Modern antiquity

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STRINGING TOGETHER TRADITION M. Harish Baradiya: `Today's generation wants something trendy yet traditional that can go with salwar-kameez and western wear as well' Photo: Sampath Kumar G.P.
STRINGING TOGETHER TRADITION M. Harish Baradiya: `Today's generation wants something trendy yet traditional that can go with salwar-kameez and western wear as well' Photo: Sampath Kumar G.P.

Ethnic Jewels believes that old is gold but is modern enough to cater to the hip and happening. If you don't have a real antique, copies in gold can be crafted at a fraction of the cost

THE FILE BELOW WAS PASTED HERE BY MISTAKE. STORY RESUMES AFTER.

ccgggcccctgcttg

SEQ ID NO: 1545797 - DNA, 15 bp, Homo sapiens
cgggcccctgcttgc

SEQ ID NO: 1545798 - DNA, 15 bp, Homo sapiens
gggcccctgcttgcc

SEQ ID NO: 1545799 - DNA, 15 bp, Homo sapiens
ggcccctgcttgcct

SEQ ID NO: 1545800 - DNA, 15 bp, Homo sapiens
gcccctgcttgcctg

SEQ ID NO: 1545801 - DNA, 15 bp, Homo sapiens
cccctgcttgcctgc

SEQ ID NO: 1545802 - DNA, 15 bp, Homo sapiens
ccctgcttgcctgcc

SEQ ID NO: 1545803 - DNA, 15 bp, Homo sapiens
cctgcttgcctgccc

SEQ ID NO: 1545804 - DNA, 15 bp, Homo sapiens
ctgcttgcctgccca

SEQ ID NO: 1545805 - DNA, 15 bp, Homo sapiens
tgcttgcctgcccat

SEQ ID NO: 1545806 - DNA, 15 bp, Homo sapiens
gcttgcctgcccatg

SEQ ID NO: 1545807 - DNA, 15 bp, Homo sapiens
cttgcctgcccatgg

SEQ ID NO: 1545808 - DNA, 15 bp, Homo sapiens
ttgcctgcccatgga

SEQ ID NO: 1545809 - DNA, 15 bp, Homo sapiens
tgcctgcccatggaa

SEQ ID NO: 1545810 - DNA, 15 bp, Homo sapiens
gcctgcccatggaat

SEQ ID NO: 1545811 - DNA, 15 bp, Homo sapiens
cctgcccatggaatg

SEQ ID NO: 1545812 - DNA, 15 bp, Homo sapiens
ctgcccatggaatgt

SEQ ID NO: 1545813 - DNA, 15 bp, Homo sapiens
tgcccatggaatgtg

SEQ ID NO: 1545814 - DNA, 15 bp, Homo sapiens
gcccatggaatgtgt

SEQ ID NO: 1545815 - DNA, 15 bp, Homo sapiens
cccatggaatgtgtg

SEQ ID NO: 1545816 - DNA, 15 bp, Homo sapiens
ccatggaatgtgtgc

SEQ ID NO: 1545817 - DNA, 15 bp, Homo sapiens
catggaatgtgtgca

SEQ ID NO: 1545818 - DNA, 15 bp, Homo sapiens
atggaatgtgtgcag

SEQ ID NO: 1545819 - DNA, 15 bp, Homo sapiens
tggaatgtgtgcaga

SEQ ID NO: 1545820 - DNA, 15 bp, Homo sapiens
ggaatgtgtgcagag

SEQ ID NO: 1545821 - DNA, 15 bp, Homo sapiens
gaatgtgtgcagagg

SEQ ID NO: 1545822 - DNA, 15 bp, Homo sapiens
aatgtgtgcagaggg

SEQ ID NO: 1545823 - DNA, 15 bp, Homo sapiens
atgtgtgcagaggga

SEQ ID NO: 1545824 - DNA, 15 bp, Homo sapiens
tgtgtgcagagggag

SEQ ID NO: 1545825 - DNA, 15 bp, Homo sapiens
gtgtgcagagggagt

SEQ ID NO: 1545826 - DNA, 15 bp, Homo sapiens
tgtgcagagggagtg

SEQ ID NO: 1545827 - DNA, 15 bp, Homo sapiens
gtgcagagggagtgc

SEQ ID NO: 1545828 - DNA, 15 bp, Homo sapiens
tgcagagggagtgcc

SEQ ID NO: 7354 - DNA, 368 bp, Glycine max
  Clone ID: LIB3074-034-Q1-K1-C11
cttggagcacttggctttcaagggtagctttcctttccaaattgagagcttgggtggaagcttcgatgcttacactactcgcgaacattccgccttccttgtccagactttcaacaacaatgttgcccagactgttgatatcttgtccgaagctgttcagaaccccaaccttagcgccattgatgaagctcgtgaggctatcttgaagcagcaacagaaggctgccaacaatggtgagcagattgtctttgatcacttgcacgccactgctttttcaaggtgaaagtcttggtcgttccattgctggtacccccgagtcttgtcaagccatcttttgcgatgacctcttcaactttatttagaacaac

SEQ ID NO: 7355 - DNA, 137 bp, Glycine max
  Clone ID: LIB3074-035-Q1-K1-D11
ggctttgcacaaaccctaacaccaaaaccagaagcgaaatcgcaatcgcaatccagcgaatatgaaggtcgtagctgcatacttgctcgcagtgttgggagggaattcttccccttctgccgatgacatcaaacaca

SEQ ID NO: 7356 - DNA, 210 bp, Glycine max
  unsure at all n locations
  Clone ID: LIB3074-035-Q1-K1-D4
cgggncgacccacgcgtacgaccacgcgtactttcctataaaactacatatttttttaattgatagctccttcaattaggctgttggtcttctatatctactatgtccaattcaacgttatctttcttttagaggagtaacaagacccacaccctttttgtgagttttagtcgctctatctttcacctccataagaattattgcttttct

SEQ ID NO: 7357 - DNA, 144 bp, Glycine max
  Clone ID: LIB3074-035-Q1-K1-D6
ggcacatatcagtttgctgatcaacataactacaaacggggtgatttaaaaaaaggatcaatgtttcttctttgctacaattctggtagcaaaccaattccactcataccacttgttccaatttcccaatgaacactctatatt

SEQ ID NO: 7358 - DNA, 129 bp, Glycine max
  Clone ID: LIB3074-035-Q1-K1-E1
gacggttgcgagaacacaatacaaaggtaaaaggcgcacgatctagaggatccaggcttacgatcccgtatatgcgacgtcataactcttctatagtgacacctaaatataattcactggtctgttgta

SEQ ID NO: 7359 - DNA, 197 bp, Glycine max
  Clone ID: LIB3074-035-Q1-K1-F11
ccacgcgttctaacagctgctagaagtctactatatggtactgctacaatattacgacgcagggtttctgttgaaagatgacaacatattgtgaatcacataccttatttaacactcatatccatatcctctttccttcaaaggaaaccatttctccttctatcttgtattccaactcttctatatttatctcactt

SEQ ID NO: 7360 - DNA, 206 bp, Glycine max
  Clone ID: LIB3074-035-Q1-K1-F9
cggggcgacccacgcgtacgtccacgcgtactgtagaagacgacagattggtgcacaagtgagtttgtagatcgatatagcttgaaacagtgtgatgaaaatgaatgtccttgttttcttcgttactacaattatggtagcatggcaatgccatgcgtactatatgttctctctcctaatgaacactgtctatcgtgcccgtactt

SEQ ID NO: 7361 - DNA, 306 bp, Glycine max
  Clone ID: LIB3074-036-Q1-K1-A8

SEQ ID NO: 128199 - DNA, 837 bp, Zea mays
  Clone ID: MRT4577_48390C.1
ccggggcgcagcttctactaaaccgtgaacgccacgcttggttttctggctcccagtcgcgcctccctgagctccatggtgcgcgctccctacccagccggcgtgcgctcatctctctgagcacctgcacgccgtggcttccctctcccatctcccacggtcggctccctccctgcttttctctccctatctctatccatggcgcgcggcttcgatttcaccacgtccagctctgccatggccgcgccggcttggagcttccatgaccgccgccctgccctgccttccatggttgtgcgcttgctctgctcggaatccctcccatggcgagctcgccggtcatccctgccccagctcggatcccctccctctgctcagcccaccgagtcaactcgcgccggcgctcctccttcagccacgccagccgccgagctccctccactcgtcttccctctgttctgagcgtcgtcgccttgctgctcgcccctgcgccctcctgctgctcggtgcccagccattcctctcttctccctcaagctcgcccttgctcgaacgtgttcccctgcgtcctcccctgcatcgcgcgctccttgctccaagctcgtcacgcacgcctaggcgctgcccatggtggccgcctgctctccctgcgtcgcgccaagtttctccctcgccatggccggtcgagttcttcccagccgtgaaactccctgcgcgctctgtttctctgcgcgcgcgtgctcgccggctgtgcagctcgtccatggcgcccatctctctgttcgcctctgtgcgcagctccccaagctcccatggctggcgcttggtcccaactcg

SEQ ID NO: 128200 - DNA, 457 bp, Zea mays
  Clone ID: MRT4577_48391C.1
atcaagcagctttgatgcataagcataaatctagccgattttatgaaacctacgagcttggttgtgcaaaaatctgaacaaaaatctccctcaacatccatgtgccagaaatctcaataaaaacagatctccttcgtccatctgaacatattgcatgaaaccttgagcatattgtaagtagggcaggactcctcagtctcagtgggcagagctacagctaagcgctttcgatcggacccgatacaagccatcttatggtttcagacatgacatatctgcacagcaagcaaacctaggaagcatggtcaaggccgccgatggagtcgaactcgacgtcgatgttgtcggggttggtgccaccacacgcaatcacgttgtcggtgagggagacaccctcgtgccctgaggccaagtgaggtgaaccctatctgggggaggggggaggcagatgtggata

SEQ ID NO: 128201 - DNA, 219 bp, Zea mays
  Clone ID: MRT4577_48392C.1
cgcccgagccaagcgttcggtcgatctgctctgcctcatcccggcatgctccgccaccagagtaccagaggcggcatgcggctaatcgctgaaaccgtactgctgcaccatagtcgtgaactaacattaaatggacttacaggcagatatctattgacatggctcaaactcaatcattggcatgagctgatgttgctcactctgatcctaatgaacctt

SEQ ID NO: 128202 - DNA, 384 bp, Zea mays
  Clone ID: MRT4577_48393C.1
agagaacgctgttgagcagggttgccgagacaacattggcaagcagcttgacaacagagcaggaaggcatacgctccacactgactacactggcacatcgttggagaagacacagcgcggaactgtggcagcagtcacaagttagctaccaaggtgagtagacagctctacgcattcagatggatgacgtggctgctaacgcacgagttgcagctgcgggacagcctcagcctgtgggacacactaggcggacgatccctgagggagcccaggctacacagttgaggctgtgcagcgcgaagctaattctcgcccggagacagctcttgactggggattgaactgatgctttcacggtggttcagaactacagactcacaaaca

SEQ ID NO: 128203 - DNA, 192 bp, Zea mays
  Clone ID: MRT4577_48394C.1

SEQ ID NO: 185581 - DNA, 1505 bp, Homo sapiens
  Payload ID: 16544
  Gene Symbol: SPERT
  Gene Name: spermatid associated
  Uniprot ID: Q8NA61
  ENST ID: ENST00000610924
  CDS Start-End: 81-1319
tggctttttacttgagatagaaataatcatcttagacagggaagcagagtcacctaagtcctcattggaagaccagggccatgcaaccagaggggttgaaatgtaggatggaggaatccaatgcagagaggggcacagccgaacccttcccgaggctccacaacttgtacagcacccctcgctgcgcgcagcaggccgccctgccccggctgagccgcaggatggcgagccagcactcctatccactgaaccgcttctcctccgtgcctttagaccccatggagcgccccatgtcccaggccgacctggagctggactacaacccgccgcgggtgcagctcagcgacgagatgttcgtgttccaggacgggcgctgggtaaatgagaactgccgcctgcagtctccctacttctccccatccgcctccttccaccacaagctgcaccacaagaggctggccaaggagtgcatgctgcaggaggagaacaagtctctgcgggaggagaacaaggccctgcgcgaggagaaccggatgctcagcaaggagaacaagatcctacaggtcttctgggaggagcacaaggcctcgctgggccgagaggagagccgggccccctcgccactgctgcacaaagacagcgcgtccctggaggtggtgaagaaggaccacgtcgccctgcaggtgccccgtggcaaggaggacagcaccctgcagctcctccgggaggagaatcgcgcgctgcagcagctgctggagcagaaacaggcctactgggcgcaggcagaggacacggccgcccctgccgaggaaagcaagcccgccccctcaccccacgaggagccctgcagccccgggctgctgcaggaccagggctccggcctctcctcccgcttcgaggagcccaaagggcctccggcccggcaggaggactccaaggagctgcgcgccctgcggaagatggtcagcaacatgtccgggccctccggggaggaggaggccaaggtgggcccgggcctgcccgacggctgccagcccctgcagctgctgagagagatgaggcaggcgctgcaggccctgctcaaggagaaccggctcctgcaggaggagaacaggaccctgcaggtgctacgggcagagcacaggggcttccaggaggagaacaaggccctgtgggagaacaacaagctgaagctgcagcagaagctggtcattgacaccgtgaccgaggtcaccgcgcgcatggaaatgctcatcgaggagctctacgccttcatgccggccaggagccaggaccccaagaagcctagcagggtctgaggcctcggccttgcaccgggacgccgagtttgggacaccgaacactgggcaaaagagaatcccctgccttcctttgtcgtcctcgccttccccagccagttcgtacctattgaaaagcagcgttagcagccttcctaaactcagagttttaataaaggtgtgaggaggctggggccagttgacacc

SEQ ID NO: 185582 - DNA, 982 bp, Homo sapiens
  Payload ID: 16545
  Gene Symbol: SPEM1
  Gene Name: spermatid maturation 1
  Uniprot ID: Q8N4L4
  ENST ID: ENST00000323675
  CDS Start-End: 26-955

Be as modern as you will, but when it comes to Indian jewellery, nothing can beat the pride of owning a solid piece of traditional jewellery, and a family heirloom. Traditional designs, patterns crafted with inimitable workmanship that perhaps came out from your grandmother's almirah is what you will wear with attitude.And when antiques are way out of reach, antique copies in real gold are the happy alternative.Ethnic Jewels in Malleswaram is a treasure house of antique design gold jewellery from south India as well as Rajasthan.Traditional Lakshmi padakas or pendants, huge engraved pendants with images of Ganesha, Radha and Krishna under a tree, or the Kalinga Mardhana episode, the Gandaberunda symbol - all trimmed with tiny rubies or pearls are very eye-catching.You'll also find an abundance of floral patterns in pendants, earrings and necklaces. While some of the jewellery is really chunky, Ethnic Jewels also stocks a large collection of lighter designs and modern adaptations of traditional patterns. "Today's generation wants something trendy yet traditional that can go with salwar-kameez and western wear as well. So we always have new designs for them," says Ethnic Jewels' M. Harish Baradiya. The family has been in the business for over three generations now and while its mainstay is the wholesale business, a massive customer demand coaxed it into opening a retail store. It also specialises in making jewellery for idols in temples across Tamil Nadu, Andhra Pradesh and even for the ISKCON temple here.The sense of the classic is evident in the tempting range of mangai maalai (mango neckpiece), addigai (choker), kaap, vanki (arm bands), thaiyath, gundu maalai, the poothali (a specialty of Kerala), jadey billey (hair ornament), tikada haar and sarpech (turban ornament worn by bridegrooms in North India), traditional Coorgi jewellery, navaratna sets - all in 916 Kdm gold. Speckled with Burmese rubies, emeralds, diamonds, and a range of over 84 gemstones, the jewellery is definitely very alluring. Jewellery lovers will be spoilt for choice faced with the array of uncut polki diamond sets, smaller individual earrings and pendants, beautiful bracelets and kadas. Hyderabadi patterns of polki with enamel work are also aplenty. From Rajasthan comes an elaborate range of exquisite meenakari or lacquer-work jewellery, teamed with semi-precious and precious stones.Ensuring that you get more bang for your buck, a lot of the jewellery here is reversible and can be worn with two different sets of clothing. "The older generations of jewellers believed in working on every inch of the jewellery they produced. So two-sided jewellery was popular. Today, when customers pay so much for antique jewellery, we believe in giving them value for money. So we make sets where one side maybe polki and the other side meenakari," says Harish. They even have reversible vankis!An ornate range of jhumkas or jhumkis - both in the temple jewellery style as well as the long and conical Rajasthani design embellished with pearls and designs of parrots - vie for space with the real thing: true-blue original antiques. Ethnic Jewels also takes orders to execute customised designs, copy old family jewellery, repair antique jewellery, besides buying antique jewellery from customers."One advantage of buying antique replicas is the drastic reduction in costs. An antique mango necklace may cost about Rs. 30 lakhs. Our replica comes at around Rs. 3 lakh to Rs. 5 lakh. Of course, the quality and workmanship is different; but when you buy an antique design you always stand to gain," says Harish, adding they take a month to execute customised orders. The store also keeps a record of customers and offers to buy back any of its jewellery at any time.Ethnic Jewels will host a special exhibition and sale of its entire range from June 13 to 19. Prices start at Rs. 5,000. The store is at No 110, 7th Cross, Margosa Road, Malleswaram Association Complex (opposite Nilgiri's Supermarket). Call 23563344. Website: www.ethnicjewels.comBHUMIKA K.




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